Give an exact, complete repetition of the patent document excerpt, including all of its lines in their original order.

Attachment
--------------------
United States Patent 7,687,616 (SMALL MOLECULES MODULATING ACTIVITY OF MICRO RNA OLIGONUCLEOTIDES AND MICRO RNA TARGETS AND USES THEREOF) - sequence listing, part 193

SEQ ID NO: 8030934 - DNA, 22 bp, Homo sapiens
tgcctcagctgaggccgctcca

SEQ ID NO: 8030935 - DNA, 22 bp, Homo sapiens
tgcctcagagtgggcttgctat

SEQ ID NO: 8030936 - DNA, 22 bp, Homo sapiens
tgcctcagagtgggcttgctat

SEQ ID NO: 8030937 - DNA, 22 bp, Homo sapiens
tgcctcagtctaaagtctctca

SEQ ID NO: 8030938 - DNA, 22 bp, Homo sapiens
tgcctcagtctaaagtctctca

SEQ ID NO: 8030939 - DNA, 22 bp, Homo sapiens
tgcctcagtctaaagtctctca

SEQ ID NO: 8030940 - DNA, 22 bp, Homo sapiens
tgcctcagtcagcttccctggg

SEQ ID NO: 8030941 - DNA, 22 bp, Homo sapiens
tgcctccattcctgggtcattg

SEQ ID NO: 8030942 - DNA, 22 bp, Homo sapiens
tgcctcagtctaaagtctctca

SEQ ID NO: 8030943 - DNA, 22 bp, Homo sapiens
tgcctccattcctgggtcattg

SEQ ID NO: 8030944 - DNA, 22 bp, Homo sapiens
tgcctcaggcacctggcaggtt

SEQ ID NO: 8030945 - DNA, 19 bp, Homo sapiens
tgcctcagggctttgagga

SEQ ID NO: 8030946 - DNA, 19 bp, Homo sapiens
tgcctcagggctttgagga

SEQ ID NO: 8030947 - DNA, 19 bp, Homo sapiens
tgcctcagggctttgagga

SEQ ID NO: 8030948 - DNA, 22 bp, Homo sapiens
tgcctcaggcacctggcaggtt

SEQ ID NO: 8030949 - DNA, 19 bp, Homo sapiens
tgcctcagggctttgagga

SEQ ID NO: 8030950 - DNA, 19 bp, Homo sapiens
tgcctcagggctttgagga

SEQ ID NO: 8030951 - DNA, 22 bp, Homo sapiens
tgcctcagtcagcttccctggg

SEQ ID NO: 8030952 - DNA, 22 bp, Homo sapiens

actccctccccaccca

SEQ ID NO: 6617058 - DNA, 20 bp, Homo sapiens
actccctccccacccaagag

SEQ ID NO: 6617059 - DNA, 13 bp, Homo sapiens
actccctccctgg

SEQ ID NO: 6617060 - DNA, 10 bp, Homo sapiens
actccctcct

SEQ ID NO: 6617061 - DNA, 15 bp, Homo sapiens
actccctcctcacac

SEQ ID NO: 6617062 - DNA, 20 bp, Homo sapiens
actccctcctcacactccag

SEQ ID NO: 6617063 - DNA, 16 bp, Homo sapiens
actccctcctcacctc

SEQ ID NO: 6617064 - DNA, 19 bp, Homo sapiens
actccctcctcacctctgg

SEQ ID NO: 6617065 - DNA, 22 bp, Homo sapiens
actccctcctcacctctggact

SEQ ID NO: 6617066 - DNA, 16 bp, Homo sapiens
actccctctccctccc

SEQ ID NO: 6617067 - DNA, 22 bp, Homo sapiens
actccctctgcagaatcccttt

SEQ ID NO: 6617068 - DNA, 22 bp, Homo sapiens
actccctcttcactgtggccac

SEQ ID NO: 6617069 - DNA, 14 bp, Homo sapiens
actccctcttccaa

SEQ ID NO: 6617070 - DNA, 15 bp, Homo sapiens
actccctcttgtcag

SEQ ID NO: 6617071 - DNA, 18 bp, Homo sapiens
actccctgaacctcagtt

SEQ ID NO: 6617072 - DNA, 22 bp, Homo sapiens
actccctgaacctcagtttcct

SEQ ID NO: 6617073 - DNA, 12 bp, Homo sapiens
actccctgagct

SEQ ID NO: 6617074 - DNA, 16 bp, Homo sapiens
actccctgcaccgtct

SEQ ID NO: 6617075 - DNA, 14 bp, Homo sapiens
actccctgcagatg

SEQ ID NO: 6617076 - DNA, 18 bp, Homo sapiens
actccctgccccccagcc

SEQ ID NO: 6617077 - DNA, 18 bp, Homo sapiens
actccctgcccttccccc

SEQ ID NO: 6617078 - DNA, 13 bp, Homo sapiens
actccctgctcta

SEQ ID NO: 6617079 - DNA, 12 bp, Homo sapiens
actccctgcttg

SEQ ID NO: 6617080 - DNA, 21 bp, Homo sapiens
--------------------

United States Patent 7,687,616 (SMALL MOLECULES MODULATING ACTIVITY OF MICRO RNA OLIGONUCLEOTIDES AND MICRO RNA TARGETS AND USES THEREOF) - sequence listing, part 193

SEQ ID NO: 8030934 - DNA, 22 bp, Homo sapiens
tgcctcagctgaggccgctcca

SEQ ID NO: 8030935 - DNA, 22 bp, Homo sapiens
tgcctcagagtgggcttgctat

SEQ ID NO: 8030936 - DNA, 22 bp, Homo sapiens
tgcctcagagtgggcttgctat

SEQ ID NO: 8030937 - DNA, 22 bp, Homo sapiens
tgcctcagtctaaagtctctca

SEQ ID NO: 8030938 - DNA, 22 bp, Homo sapiens
tgcctcagtctaaagtctctca

SEQ ID NO: 8030939 - DNA, 22 bp, Homo sapiens
tgcctcagtctaaagtctctca

SEQ ID NO: 8030940 - DNA, 22 bp, Homo sapiens
tgcctcagtcagcttccctggg

SEQ ID NO: 8030941 - DNA, 22 bp, Homo sapiens
tgcctccattcctgggtcattg

SEQ ID NO: 8030942 - DNA, 22 bp, Homo sapiens
tgcctcagtctaaagtctctca

SEQ ID NO: 8030943 - DNA, 22 bp, Homo sapiens
tgcctccattcctgggtcattg

SEQ ID NO: 8030944 - DNA, 22 bp, Homo sapiens
tgcctcaggcacctggcaggtt

SEQ ID NO: 8030945 - DNA, 19 bp, Homo sapiens
tgcctcagggctttgagga

SEQ ID NO: 8030946 - DNA, 19 bp, Homo sapiens
tgcctcagggctttgagga

SEQ ID NO: 8030947 - DNA, 19 bp, Homo sapiens
tgcctcagggctttgagga

SEQ ID NO: 8030948 - DNA, 22 bp, Homo sapiens
tgcctcaggcacctggcaggtt

SEQ ID NO: 8030949 - DNA, 19 bp, Homo sapiens
tgcctcagggctttgagga

SEQ ID NO: 8030950 - DNA, 19 bp, Homo sapiens
tgcctcagggctttgagga

SEQ ID NO: 8030951 - DNA, 22 bp, Homo sapiens
tgcctcagtcagcttccctggg

SEQ ID NO: 8030952 - DNA, 22 bp, Homo sapiens

actccctccccaccca

SEQ ID NO: 6617058 - DNA, 20 bp, Homo sapiens
actccctccccacccaagag

SEQ ID NO: 6617059 - DNA, 13 bp, Homo sapiens
actccctccctgg

SEQ ID NO: 6617060 - DNA, 10 bp, Homo sapiens
actccctcct

SEQ ID NO: 6617061 - DNA, 15 bp, Homo sapiens
actccctcctcacac

SEQ ID NO: 6617062 - DNA, 20 bp, Homo sapiens
actccctcctcacactccag

SEQ ID NO: 6617063 - DNA, 16 bp, Homo sapiens
actccctcctcacctc

SEQ ID NO: 6617064 - DNA, 19 bp, Homo sapiens
actccctcctcacctctgg

SEQ ID NO: 6617065 - DNA, 22 bp, Homo sapiens
actccctcctcacctctggact

SEQ ID NO: 6617066 - DNA, 16 bp, Homo sapiens
actccctctccctccc

SEQ ID NO: 6617067 - DNA, 22 bp, Homo sapiens
actccctctgcagaatcccttt

SEQ ID NO: 6617068 - DNA, 22 bp, Homo sapiens
actccctcttcactgtggccac

SEQ ID NO: 6617069 - DNA, 14 bp, Homo sapiens
actccctcttccaa

SEQ ID NO: 6617070 - DNA, 15 bp, Homo sapiens
actccctcttgtcag

SEQ ID NO: 6617071 - DNA, 18 bp, Homo sapiens
actccctgaacctcagtt

SEQ ID NO: 6617072 - DNA, 22 bp, Homo sapiens
actccctgaacctcagtttcct

SEQ ID NO: 6617073 - DNA, 12 bp, Homo sapiens
actccctgagct

SEQ ID NO: 6617074 - DNA, 16 bp, Homo sapiens
actccctgcaccgtct

SEQ ID NO: 6617075 - DNA, 14 bp, Homo sapiens
actccctgcagatg

SEQ ID NO: 6617076 - DNA, 18 bp, Homo sapiens
actccctgccccccagcc

SEQ ID NO: 6617077 - DNA, 18 bp, Homo sapiens
actccctgcccttccccc

SEQ ID NO: 6617078 - DNA, 13 bp, Homo sapiens
actccctgctcta

SEQ ID NO: 6617079 - DNA, 12 bp, Homo sapiens
actccctgcttg

SEQ ID NO: 6617080 - DNA, 21 bp, Homo sapiens